As a twenty-year-old student at Smith College, Sylvia Plath insisted that "Graduate school and travel abroad are not going to be stymied by any squealing, breastfed brats" (source). Far too many women, she thought, were forced to give up any thoughts of their own life and work to take care of babies and maintain homes. Plath, determined to write and travel, found it difficult to imagine a future that adhered to the traditional roles women tended to occupy in the early 20th century.
Shortly after graduating from Smith, however, Plath received a Fulbright fellowship and travelled to Cambridge, England – where she met and married fellow poet Ted Hughes. Plath soon realized that she actually wanted to have children, and began a long (and agonizing) attempt to have a baby.
"Morning Song," written shortly after the birth of Plath's first child, explores both Plath's long-seated ambivalence towards motherhood and her growing love for her child. Exploring the strangeness and unnaturalness latent in the mother/infant relationship, Plath steps outside sentimental conventions. Her baby daughter isn't a lamb or a dove or any of the other cutesy little images that tend to cluster on "It's a Girl!" announcement cards. In fact, this poem doesn't just discuss the baby's birth – it addresses her child as an intellectual equal.
Although "Morning Song" was originally published in The Observer in May of 1961 (shortly after the birth of Plath's first child, Frieda), it wasn't included in a book-length collection until after her death. Ariel, the last of Plath's poetry collections, came out in 1966.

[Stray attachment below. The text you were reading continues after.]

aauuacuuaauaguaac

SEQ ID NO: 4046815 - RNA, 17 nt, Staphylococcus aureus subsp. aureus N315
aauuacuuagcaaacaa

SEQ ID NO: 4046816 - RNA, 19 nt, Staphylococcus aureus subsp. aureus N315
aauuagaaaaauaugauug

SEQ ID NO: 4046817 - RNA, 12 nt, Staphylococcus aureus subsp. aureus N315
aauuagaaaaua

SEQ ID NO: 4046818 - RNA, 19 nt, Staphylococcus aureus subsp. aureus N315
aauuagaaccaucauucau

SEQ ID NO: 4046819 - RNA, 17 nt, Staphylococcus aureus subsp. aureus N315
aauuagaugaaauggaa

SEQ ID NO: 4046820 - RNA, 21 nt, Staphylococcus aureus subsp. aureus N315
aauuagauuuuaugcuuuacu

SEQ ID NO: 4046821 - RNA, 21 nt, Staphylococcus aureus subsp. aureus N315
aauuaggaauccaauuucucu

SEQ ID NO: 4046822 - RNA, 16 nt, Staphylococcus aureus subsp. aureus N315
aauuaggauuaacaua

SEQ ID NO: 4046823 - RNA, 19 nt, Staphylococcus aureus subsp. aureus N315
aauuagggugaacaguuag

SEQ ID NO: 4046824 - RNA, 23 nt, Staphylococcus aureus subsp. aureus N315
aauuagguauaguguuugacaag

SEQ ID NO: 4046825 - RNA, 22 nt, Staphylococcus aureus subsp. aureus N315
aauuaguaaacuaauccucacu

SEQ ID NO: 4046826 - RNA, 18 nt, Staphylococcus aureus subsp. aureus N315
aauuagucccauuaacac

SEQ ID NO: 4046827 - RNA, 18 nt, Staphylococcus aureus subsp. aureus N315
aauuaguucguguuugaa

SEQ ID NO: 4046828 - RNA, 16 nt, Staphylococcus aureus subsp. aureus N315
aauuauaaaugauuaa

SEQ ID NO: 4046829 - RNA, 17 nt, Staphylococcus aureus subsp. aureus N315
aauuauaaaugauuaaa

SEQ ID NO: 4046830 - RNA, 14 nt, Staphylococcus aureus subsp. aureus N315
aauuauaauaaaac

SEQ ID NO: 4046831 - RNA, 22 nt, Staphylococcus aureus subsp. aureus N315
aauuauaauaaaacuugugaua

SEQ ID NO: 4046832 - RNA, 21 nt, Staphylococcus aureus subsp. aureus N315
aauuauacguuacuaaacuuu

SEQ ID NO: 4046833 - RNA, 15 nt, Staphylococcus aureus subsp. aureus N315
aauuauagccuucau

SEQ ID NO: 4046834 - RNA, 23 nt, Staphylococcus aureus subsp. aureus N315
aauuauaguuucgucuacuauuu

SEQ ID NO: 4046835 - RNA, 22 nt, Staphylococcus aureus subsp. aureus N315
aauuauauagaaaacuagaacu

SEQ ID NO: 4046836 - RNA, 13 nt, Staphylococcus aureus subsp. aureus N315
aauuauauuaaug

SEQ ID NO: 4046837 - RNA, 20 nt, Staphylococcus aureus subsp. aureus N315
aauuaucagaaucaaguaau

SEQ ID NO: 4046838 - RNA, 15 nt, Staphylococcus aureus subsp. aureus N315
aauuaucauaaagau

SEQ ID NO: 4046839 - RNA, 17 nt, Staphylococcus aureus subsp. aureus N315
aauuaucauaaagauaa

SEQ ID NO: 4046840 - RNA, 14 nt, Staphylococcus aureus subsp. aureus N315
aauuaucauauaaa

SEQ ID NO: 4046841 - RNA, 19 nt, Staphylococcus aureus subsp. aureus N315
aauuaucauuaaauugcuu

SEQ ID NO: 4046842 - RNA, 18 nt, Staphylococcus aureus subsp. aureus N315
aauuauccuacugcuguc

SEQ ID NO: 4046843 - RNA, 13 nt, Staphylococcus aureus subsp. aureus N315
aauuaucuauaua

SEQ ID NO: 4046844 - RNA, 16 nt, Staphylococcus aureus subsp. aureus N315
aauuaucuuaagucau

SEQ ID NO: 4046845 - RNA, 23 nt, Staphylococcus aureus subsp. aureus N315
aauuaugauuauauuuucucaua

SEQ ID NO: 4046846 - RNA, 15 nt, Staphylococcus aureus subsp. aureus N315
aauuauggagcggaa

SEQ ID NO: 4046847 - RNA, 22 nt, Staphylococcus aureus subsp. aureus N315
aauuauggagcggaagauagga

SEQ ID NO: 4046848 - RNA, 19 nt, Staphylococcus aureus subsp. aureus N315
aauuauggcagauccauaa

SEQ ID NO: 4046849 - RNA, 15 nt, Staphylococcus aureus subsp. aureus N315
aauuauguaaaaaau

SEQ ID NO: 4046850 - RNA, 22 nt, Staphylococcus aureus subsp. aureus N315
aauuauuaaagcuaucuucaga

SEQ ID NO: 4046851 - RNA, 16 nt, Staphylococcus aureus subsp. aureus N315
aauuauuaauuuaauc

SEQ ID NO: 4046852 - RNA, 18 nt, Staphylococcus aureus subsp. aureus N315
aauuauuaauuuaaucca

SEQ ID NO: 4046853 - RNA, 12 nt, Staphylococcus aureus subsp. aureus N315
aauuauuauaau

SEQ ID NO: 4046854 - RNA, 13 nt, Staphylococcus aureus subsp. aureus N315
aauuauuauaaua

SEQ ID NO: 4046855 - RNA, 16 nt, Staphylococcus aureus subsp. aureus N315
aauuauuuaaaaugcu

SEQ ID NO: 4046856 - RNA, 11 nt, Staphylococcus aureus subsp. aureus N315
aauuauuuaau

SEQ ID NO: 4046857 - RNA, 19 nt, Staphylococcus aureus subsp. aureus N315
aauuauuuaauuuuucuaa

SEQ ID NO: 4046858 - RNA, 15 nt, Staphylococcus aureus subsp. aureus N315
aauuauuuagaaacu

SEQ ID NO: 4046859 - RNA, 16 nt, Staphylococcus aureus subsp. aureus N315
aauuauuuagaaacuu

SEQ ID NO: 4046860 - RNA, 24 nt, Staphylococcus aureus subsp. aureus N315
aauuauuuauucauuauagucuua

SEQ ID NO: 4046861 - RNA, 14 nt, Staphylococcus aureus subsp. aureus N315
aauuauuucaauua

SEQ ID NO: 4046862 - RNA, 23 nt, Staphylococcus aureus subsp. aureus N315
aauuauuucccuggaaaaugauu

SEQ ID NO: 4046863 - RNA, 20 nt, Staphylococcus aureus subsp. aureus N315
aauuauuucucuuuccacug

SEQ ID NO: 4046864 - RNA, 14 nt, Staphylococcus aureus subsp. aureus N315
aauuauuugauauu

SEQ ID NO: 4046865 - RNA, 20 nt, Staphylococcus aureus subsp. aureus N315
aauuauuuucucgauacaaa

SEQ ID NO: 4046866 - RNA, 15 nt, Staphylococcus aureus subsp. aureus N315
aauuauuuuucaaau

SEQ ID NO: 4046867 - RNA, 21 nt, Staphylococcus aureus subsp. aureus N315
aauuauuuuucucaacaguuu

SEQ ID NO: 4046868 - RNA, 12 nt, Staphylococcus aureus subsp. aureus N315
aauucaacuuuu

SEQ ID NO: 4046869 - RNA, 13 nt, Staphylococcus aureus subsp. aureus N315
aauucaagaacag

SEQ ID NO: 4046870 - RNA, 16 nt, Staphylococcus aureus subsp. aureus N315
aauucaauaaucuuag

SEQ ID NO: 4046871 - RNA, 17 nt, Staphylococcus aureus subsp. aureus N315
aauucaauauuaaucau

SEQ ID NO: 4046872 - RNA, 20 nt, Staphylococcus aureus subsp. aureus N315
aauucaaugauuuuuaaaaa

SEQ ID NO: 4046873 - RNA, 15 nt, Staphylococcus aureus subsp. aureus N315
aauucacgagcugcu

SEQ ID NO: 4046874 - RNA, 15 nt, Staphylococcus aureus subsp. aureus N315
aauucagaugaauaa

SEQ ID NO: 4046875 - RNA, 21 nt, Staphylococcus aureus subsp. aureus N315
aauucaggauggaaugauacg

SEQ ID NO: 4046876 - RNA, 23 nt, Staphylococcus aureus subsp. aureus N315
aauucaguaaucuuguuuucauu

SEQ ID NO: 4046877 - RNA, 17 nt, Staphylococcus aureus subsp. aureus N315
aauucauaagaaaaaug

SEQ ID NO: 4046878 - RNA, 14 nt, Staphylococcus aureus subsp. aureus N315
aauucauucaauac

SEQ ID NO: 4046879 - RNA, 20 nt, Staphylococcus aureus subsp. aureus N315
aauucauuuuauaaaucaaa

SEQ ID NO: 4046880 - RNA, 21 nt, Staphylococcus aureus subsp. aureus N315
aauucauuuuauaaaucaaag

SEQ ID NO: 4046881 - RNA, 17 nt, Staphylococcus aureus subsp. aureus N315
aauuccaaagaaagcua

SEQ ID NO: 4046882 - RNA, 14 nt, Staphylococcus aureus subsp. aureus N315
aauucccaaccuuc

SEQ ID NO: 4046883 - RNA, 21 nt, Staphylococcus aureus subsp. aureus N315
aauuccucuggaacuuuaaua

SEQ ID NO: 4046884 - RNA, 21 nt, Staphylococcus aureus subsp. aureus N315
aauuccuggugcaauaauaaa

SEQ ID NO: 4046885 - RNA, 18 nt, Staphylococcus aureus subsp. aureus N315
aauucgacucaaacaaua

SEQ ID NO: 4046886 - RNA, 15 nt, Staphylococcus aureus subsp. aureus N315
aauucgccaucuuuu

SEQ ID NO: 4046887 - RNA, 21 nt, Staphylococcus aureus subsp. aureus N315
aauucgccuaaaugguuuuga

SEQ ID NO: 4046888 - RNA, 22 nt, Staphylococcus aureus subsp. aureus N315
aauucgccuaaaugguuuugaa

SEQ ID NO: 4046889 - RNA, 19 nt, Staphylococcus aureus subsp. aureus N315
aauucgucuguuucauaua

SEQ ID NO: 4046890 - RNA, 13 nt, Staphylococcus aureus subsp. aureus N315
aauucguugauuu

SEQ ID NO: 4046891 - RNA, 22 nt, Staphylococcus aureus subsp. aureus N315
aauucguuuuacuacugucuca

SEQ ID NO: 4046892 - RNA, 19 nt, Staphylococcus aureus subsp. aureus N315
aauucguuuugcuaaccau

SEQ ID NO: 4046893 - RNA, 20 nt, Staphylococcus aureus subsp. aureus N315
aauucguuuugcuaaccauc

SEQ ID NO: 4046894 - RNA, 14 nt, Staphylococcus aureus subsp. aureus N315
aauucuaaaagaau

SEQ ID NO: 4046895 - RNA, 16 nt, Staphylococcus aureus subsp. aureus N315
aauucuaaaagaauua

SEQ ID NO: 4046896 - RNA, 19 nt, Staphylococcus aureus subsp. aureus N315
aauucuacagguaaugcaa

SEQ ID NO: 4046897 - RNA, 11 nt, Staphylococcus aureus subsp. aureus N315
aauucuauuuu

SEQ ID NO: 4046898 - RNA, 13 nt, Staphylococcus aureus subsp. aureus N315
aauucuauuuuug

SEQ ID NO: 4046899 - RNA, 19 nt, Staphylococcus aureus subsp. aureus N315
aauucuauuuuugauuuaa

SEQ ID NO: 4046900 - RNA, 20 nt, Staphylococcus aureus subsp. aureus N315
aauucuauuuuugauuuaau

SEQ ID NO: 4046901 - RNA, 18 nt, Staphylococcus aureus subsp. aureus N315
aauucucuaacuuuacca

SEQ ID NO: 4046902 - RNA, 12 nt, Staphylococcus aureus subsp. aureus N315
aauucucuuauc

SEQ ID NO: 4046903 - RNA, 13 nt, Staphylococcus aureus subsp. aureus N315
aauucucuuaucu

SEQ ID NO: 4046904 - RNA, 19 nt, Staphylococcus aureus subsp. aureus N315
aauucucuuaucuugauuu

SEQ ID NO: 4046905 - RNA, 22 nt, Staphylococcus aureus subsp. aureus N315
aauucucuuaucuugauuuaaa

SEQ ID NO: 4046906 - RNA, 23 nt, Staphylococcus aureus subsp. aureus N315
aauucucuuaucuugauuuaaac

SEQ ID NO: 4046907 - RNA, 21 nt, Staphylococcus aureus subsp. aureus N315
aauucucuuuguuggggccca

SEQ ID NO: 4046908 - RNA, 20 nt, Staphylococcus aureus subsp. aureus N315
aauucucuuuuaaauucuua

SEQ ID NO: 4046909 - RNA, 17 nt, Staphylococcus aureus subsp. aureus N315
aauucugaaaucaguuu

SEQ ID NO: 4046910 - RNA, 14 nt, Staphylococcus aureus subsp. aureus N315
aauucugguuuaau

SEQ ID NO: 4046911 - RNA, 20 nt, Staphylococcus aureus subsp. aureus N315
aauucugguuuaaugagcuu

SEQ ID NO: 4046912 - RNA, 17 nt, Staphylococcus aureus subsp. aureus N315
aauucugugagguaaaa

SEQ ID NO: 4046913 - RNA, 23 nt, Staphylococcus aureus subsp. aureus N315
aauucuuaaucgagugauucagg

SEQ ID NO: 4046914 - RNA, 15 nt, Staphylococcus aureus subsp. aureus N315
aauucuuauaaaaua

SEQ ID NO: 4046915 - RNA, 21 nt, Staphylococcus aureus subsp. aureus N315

It's all too tempting to read all of Sylvia Plath's work in light of her ongoing struggle with depression and mental illness, and "Morning Song" is no exception. Such a reading, however, tends to gloss over the complicated emotions that almost any mother could feel at the thought of being suddenly responsible for a completely helpless little human being – or her recognition of the bond growing between the two.
Hey, relationships are complicated. Isn't that what your mother/brother/best friend told you the last time that you had problems with your boyfriend/girlfriend… or your teacher… or your dog? Chances are that pretty much every person you deal with on a regular basis has inspired feelings that aren't always happy and warm and fuzzy. Emotions, it seems, aren't black and white. In fact, they're usually all sorts of shades of grey.
It's exactly this sort of complicated emotional response that speaker is dealing with as she interacts with her baby for the first time. So why should this mixed response seem so shocking? Well, maybe that's because everybody is supposed to looooooove babies. After all, they're genetically designed to sucker-punch us into cooing and ooohing and aaahing over their witty-bitty fingers and toes.
But what if you're the person who has to tote this little, crying, defenseless thing around for the next eighteen years or so? After all, for centuries women's primary "job" was to be a mother. Maybe those witty-bitty toes start to seem less charming when you realize that your job description just went from "poet" or "public intellectual" to "changer of diapers." We're not saying that it's a demotion. It's just one heck of a change.